On February 20, 2020, the Every Woman Institute released its first-ever Safer Sooner Report.
For many women around the world, there is no easy path to justice. Laws, government systems, and social norms favor perpetrators. In courtrooms, media, communities, and homes across the world, female victims of violence are often blamed, ignored, and not believed, entrenching the world in a system of silence and impunity.
The international community has come together to solve the problem through various instruments, including regional treaties, recommendations to the Convention on the Elimination of All Forms of Discrimination Against Women (CEDAW), and treaties specific to a certain form of violence, such as torture and trafficking. The lack of a binding global framework specific to violence against women and girls has resulted in a patchwork of protection with wide normative, geographical, and enforcement gaps in women’s safety.
The supermajority of the world’s women lack access to a treaty that specifically addresses violence against women. “Over the last six years, from 2013 to 2019, the Every Woman Global Working Group engaged in a global, inclusive dialogue on the need for a treaty and conducted deep analysis of the existing legal framework with members of the Every Woman coalition and additional experts. The global consultation found that a binding global norm would close the existing normative, geographic, and implementation gaps in women’s security, as well as provide global backup to existing mechanisms, and create a framework at the highest level of international law in which all entities, from governments to civil society to the UN, could work together to eradicate this human rights crisis.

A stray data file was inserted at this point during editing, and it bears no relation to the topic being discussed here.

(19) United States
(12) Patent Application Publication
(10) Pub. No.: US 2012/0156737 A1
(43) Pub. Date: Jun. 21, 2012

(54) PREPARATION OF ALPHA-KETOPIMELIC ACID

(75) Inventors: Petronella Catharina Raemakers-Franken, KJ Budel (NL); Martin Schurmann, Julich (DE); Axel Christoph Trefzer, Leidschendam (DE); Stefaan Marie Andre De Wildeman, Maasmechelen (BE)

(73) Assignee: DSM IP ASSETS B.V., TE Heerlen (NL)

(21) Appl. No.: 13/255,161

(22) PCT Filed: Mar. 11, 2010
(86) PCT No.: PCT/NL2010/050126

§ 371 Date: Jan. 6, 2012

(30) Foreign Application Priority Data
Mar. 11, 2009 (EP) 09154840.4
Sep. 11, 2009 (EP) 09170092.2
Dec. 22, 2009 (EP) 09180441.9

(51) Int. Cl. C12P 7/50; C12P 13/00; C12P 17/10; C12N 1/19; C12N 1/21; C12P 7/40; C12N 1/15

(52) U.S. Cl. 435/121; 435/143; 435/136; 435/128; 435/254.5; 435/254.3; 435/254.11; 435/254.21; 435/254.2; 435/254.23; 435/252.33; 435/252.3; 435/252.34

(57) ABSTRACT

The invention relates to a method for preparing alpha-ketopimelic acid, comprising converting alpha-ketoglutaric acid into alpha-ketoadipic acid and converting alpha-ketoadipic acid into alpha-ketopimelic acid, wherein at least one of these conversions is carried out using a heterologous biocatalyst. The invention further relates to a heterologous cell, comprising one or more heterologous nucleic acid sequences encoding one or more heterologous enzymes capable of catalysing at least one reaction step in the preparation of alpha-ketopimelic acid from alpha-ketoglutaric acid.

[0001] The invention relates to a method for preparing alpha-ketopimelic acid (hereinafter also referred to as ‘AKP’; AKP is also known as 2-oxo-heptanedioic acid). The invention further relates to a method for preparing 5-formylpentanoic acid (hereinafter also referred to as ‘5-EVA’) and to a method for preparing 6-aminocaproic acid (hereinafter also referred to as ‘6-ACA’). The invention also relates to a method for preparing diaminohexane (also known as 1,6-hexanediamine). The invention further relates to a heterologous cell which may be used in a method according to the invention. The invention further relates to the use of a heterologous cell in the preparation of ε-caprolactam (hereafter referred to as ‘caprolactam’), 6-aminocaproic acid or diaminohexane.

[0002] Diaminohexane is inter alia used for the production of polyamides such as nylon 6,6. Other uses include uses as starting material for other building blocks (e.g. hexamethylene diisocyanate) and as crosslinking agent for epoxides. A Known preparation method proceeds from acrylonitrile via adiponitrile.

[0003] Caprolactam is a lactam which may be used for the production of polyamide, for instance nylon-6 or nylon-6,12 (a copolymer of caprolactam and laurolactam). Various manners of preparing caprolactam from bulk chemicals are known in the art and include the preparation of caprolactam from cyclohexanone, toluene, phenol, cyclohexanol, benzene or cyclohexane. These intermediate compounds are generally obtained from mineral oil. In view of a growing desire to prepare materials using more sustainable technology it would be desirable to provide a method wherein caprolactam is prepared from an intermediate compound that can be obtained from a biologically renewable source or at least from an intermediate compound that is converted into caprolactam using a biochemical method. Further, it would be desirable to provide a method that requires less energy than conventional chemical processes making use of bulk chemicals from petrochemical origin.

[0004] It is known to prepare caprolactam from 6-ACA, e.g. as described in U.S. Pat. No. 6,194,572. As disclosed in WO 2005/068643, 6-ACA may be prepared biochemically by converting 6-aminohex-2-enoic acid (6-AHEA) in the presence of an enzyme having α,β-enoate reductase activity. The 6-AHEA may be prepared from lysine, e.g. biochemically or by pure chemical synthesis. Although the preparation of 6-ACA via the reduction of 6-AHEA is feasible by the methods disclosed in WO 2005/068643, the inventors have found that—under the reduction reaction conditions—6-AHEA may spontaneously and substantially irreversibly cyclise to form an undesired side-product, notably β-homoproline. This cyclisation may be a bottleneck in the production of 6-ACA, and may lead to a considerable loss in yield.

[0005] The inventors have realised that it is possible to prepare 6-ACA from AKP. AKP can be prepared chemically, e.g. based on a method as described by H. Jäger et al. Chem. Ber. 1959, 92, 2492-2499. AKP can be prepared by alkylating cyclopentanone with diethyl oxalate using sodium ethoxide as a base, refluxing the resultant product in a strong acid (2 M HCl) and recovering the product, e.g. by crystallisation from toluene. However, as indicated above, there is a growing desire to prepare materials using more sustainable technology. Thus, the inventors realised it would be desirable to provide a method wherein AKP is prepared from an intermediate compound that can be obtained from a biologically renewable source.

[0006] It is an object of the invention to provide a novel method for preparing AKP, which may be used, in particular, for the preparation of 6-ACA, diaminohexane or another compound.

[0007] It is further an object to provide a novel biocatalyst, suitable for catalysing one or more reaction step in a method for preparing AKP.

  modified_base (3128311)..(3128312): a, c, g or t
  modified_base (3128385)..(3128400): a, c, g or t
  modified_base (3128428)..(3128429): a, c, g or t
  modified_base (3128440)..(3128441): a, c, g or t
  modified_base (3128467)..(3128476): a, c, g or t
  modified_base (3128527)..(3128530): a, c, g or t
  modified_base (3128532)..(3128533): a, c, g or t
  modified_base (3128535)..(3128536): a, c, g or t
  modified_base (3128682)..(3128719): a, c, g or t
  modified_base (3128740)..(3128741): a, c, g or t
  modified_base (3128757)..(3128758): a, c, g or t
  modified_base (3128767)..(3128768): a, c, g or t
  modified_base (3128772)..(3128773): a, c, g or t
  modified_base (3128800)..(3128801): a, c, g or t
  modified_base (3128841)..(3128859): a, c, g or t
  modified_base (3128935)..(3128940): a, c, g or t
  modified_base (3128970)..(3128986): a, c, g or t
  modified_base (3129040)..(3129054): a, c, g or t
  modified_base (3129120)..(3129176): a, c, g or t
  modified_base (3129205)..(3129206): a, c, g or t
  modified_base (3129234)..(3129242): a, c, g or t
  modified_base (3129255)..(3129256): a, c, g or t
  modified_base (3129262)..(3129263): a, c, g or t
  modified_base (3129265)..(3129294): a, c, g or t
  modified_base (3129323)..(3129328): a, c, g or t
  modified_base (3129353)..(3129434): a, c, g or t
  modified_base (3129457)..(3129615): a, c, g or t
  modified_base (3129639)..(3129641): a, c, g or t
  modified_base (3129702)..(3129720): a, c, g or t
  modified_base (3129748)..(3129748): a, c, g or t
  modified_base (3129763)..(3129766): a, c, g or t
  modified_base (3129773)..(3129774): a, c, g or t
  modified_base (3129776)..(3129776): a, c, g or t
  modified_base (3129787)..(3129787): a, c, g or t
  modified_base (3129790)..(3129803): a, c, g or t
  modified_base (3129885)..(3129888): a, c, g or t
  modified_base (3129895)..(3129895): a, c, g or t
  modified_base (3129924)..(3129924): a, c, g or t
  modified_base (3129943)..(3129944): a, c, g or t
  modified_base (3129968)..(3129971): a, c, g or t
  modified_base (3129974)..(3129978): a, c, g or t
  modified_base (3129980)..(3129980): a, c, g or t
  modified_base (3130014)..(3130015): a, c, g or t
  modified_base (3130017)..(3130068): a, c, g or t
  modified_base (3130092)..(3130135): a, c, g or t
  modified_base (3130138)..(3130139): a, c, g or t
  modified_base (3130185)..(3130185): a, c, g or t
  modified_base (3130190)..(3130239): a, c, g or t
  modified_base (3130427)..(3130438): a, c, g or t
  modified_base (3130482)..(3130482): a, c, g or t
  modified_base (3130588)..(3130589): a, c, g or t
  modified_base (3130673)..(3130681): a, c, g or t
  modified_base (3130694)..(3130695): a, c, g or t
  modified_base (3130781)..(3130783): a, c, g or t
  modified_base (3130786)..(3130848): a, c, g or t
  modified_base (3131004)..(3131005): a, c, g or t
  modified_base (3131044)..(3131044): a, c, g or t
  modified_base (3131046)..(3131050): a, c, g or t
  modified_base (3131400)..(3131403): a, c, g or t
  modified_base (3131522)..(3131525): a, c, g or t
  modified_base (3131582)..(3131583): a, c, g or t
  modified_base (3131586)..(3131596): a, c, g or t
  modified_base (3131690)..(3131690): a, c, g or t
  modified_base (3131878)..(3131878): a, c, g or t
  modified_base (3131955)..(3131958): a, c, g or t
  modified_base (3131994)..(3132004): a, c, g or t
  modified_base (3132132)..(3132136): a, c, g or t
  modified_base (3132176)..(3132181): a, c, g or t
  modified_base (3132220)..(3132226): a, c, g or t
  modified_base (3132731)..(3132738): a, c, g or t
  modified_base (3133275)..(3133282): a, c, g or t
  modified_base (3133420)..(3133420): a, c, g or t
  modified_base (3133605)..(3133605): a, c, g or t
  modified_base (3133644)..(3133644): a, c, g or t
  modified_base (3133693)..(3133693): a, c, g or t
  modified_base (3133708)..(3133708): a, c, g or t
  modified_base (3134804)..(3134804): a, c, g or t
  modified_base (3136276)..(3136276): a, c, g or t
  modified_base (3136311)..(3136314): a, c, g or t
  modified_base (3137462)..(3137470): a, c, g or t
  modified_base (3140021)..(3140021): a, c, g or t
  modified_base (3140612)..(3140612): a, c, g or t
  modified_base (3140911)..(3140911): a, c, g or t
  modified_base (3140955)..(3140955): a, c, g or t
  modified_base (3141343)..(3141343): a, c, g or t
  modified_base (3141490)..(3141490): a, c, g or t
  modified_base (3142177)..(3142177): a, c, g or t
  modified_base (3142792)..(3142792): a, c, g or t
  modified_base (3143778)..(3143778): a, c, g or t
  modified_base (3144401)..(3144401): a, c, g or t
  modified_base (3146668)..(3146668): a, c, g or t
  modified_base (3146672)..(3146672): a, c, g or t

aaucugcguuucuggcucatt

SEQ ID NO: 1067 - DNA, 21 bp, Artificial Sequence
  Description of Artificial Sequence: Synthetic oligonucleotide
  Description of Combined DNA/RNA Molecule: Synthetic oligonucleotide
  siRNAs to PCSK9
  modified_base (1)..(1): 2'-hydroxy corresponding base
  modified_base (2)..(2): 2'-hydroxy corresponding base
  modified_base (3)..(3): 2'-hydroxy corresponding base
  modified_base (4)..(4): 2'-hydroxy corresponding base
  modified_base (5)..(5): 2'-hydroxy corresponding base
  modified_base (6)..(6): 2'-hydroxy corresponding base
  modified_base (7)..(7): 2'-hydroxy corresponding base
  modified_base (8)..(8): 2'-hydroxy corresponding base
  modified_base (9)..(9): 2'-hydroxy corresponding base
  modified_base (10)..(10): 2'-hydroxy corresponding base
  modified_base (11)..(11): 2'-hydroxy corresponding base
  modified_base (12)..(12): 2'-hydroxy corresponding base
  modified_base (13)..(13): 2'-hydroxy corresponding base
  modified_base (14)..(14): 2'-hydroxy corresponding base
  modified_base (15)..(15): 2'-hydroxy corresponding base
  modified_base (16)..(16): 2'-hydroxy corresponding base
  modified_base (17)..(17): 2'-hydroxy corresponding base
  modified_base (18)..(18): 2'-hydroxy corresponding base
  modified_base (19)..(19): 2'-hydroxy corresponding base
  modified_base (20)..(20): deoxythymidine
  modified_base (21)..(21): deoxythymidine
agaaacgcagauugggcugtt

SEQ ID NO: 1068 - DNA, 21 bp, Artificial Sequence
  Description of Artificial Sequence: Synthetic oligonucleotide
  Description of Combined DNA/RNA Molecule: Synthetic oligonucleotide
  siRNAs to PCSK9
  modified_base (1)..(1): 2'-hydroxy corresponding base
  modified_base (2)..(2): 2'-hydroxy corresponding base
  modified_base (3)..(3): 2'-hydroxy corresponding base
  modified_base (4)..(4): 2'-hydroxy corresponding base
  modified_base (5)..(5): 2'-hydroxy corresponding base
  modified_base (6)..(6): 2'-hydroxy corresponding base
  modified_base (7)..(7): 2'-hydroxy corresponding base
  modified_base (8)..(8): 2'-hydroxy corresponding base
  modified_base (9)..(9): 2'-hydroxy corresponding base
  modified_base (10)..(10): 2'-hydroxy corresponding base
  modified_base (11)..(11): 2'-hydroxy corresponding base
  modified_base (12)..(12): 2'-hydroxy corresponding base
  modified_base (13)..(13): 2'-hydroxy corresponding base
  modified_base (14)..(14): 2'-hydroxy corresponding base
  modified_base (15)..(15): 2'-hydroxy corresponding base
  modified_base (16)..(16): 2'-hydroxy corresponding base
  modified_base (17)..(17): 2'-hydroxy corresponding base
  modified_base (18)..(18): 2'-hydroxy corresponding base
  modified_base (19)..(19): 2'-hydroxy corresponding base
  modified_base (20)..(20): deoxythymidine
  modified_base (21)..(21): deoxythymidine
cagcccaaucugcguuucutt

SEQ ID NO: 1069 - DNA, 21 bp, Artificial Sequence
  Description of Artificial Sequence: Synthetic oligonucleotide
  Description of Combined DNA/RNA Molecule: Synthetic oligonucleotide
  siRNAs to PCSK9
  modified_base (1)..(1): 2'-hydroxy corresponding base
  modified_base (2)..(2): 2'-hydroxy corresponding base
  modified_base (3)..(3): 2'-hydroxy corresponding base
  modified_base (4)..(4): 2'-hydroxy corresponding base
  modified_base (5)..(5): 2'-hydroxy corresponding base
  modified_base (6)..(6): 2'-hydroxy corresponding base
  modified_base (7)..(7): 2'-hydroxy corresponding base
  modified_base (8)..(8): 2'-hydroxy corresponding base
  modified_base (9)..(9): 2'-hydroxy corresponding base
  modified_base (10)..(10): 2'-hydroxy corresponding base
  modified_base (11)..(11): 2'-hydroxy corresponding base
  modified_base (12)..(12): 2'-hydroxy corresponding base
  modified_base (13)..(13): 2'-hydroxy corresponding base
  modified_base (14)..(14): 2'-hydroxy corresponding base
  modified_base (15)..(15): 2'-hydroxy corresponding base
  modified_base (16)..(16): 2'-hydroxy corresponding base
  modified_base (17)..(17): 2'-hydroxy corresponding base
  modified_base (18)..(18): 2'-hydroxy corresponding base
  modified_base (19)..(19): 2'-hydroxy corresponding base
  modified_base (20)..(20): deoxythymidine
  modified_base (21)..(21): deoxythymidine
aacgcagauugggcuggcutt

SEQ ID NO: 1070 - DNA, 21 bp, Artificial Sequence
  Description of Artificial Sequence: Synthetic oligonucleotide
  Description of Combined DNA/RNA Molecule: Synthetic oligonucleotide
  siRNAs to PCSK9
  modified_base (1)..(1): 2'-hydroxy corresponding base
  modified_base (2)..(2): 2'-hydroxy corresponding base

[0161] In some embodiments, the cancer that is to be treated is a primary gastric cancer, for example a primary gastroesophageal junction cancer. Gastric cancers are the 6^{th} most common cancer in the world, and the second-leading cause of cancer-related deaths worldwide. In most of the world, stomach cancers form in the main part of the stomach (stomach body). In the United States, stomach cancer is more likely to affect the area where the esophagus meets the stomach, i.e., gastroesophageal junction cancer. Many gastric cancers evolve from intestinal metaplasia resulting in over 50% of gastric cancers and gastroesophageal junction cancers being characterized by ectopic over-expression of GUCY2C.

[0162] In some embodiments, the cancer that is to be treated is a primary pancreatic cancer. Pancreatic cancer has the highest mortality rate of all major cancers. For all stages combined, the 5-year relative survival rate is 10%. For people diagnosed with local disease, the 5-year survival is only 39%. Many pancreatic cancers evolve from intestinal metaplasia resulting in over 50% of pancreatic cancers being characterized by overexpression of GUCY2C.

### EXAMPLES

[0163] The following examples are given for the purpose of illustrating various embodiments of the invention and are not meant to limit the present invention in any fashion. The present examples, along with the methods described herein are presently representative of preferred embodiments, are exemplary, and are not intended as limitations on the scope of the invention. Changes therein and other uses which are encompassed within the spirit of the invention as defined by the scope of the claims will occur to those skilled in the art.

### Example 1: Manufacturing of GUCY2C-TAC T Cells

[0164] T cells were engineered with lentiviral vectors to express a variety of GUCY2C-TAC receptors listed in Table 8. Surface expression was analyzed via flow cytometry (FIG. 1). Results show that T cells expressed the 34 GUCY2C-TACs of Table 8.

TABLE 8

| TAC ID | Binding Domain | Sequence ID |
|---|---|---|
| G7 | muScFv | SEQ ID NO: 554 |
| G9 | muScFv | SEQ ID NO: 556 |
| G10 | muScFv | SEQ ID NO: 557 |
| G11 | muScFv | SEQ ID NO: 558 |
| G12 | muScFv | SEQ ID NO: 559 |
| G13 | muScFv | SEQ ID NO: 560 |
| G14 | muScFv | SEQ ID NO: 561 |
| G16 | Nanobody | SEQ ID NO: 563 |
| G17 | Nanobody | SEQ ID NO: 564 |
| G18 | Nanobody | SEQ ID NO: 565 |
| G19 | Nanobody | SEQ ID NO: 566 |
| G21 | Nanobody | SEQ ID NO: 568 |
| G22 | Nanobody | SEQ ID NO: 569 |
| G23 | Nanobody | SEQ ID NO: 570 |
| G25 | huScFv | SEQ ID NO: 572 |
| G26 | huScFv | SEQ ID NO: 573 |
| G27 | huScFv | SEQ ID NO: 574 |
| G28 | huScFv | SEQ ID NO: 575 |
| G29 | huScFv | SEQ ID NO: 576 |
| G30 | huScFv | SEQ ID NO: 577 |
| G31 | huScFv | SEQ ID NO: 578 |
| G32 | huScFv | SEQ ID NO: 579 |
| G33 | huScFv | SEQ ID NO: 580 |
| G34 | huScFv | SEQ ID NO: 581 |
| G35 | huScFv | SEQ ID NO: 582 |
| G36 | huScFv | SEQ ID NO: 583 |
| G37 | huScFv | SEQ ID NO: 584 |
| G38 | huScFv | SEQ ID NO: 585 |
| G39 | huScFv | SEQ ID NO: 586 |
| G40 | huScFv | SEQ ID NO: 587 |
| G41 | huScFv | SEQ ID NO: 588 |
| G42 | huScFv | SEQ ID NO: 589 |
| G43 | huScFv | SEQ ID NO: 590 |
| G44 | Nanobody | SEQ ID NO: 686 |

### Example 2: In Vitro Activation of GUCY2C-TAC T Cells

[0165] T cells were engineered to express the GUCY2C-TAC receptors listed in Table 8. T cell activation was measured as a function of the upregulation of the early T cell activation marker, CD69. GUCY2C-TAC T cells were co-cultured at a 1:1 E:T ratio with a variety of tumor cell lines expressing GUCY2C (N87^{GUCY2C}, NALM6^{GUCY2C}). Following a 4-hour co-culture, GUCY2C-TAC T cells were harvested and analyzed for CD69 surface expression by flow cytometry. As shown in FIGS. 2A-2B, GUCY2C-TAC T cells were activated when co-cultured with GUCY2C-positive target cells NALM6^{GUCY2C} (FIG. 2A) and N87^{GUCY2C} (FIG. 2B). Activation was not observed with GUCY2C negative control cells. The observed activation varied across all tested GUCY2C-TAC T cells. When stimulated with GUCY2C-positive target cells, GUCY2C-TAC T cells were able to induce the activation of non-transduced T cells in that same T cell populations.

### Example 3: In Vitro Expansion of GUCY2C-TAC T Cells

This report reflects over six years of research and dialogue with 1,700 leaders and 843 organizations from 128 countries. These experts, organizations, and community leaders all came to the consensus that the Every Woman Treaty, a stand alone treaty to end, and prevent, violence against women and girls, is the best next step.
You can read the report on the Every Woman Treaty Website here.